The Irony in Trump's Attack on the EPA

The agency actually arose as a defense against harsher anti-pollution measures.


Photographer: Saul Loeb/AFP/Getty Images

A crucial irony has been lost on President Donald Trump and Republicans as they seek to dismantle the Environmental Protection Agency in the name of greater freedom: The agency they so dislike actually arose as a defense against a harsher, libertarian approach to eliminating pollution.

In the 1960s, libertarian economist Murray Rothbard championed a view shared by many of today's Republicans: that the private sector can provide all services more efficiently than the state, and that the state should therefore limit itself to protecting property rights. An individual, he believed, should be allowed to do anything unless that action harms others, at which point the government should step in to right the wrong.

Following this logic, Rothbard reached a conclusion that flies in the face of the Trump administration's current environmental policies. As he saw it, pollution -- such as the chemicals that coal mining companies can now dump into streams after the Trump administration rescinded the Obama-era Stream Protection Rule -- represents aggression "pure and simple," because it harms the interests and property of others. Thus, he wrote, it should be illegal, and courts should "enjoin anyone from injecting pollutants into the air.”

As economic historian Robert Nelson relates in his book "The New Holy Wars," this kind of argument gained legal credibility in the late 1960s amid growing awareness of environmental issues. Major polluting industries started worrying that they could be sued under existing nuisance laws -- a prospect that could result in chaos if tens of millions of people went after thousands of companies in the courts.

To insulate itself from legal redress, as Nelson tells it, American industry lobbied the government to create the EPA -- which was launched by the Republican administration of Richard Nixon -- and then to pass the Clean Air Act of 1970 and the Clean Water Act of 1972. The idea was that clear and fixed national standards would be better than a free-for-all in the courts. In other words, the advent of the EPA was, on some level, a reaction to purist conservative thinking about property rights and pollution.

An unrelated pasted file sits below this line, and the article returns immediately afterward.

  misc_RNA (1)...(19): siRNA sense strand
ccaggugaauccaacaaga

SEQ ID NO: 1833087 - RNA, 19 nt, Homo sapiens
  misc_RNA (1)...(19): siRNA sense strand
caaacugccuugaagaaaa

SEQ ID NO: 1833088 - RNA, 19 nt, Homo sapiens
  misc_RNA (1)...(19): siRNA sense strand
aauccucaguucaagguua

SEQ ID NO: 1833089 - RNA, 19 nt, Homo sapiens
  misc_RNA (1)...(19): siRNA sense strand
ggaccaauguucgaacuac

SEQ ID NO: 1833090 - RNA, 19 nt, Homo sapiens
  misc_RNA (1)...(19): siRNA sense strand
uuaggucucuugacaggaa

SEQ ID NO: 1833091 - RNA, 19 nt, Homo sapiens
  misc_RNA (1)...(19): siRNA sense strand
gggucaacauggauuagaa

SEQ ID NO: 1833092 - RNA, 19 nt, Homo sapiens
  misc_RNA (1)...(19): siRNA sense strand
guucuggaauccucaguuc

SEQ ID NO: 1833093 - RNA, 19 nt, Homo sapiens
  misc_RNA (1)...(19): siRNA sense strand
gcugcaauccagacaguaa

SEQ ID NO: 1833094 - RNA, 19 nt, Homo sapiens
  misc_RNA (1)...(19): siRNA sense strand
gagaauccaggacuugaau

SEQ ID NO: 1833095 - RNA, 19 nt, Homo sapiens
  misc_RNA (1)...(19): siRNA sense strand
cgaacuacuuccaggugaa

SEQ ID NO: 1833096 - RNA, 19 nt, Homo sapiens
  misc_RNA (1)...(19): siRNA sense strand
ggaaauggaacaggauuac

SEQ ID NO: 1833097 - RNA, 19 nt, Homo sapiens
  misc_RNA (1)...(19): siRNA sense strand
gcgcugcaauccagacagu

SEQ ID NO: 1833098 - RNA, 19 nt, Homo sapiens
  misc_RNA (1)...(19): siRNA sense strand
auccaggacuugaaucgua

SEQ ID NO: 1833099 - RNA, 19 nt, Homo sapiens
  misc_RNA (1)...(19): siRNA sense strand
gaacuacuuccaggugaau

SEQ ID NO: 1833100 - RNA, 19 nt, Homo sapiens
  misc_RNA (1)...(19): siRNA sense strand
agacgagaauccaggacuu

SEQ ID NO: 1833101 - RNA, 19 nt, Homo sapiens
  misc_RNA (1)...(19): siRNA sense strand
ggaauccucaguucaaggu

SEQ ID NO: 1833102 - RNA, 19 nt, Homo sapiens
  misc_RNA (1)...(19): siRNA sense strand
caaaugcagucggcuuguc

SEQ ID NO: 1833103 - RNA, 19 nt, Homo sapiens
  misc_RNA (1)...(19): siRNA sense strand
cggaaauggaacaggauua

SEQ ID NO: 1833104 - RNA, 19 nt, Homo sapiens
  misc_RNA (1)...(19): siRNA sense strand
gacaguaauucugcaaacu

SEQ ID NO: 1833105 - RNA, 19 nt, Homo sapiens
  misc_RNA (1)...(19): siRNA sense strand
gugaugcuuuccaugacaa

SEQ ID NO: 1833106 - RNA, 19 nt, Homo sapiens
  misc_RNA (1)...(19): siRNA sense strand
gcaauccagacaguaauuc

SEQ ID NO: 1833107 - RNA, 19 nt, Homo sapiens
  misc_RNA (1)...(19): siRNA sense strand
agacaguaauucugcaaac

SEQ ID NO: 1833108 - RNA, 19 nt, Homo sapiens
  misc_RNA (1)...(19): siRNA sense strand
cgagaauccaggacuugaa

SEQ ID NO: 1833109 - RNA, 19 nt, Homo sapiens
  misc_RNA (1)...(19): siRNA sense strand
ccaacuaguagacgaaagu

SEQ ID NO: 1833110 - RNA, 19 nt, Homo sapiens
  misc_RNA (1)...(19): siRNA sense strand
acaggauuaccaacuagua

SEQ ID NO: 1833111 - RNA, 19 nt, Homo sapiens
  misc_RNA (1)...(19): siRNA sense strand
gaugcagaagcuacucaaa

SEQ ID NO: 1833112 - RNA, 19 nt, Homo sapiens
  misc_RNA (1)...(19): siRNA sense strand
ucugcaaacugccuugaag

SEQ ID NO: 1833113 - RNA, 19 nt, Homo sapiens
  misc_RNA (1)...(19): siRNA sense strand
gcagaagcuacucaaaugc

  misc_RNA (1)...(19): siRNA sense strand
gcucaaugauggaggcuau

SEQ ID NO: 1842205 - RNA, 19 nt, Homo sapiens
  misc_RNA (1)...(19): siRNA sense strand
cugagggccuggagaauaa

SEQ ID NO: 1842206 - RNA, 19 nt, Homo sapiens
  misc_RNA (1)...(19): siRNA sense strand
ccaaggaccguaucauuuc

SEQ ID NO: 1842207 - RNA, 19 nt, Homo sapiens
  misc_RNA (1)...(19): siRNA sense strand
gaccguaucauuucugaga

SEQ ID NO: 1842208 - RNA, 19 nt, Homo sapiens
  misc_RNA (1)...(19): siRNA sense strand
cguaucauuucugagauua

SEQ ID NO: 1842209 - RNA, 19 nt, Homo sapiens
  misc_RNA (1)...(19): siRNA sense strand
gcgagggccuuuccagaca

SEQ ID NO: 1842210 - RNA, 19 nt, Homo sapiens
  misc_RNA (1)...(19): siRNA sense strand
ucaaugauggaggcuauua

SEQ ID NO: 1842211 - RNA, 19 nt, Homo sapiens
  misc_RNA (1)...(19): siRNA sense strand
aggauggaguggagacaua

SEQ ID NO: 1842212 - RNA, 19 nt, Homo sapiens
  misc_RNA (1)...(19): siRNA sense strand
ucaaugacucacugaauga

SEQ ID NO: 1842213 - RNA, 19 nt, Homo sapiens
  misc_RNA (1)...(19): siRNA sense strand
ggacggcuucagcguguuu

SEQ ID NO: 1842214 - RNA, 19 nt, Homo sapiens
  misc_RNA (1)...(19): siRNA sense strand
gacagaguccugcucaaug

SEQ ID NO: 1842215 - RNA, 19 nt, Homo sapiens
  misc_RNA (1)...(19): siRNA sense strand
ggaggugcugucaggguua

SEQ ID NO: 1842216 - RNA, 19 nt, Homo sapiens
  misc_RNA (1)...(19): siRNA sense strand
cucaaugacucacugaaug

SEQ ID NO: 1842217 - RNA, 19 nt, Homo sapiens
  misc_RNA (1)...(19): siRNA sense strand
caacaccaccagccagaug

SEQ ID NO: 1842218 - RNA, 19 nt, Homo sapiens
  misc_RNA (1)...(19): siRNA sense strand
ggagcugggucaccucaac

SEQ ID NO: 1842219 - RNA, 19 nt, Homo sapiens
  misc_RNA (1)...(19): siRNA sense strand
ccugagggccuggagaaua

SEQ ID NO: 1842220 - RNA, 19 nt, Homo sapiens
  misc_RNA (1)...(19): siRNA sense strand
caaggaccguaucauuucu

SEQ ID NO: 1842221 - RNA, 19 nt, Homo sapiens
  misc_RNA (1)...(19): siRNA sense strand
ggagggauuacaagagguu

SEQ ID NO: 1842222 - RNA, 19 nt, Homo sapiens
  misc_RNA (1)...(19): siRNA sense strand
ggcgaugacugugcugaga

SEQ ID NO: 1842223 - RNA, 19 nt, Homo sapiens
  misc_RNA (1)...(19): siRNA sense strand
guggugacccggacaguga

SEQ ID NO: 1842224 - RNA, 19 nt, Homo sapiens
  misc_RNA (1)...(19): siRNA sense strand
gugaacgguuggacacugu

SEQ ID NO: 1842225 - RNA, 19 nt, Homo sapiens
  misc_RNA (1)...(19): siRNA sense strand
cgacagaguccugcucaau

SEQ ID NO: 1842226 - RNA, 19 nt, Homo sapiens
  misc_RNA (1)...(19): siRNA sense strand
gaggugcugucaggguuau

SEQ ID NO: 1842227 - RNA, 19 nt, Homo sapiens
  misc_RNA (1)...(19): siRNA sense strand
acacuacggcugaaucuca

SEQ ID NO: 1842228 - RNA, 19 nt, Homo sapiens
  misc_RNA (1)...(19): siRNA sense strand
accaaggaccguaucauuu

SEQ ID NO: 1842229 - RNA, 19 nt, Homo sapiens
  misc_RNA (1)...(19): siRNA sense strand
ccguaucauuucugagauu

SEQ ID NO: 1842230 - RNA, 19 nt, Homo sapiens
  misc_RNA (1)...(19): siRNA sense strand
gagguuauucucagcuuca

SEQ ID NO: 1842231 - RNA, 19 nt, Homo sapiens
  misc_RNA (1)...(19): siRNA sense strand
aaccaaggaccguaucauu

Hence the irony: When industry, Republican politicians or conservative think tanks lament the devastating economic damage of EPA regulation, they are in a sense complaining about their own creation. And they forget that their stated devotion to personal freedom, if taken seriously, might well lead to more stringent environmental protection.

Of course, the interests and ideologues behind the Trump administration's environmental policies aren’t necessarily aiming to preserve freedom for everyone. More likely, they want to preserve their own freedom, profits and power, regardless of how their actions affect others.

This column does not necessarily reflect the opinion of the editorial board or Bloomberg LP and its owners.

    To contact the author of this story:
    Mark Buchanan at buchanan.mark@gmail.com

    To contact the editor responsible for this story:
    Mark Whitehouse at mwhitehouse1@bloomberg.net

    Before it's here, it's on the Bloomberg Terminal.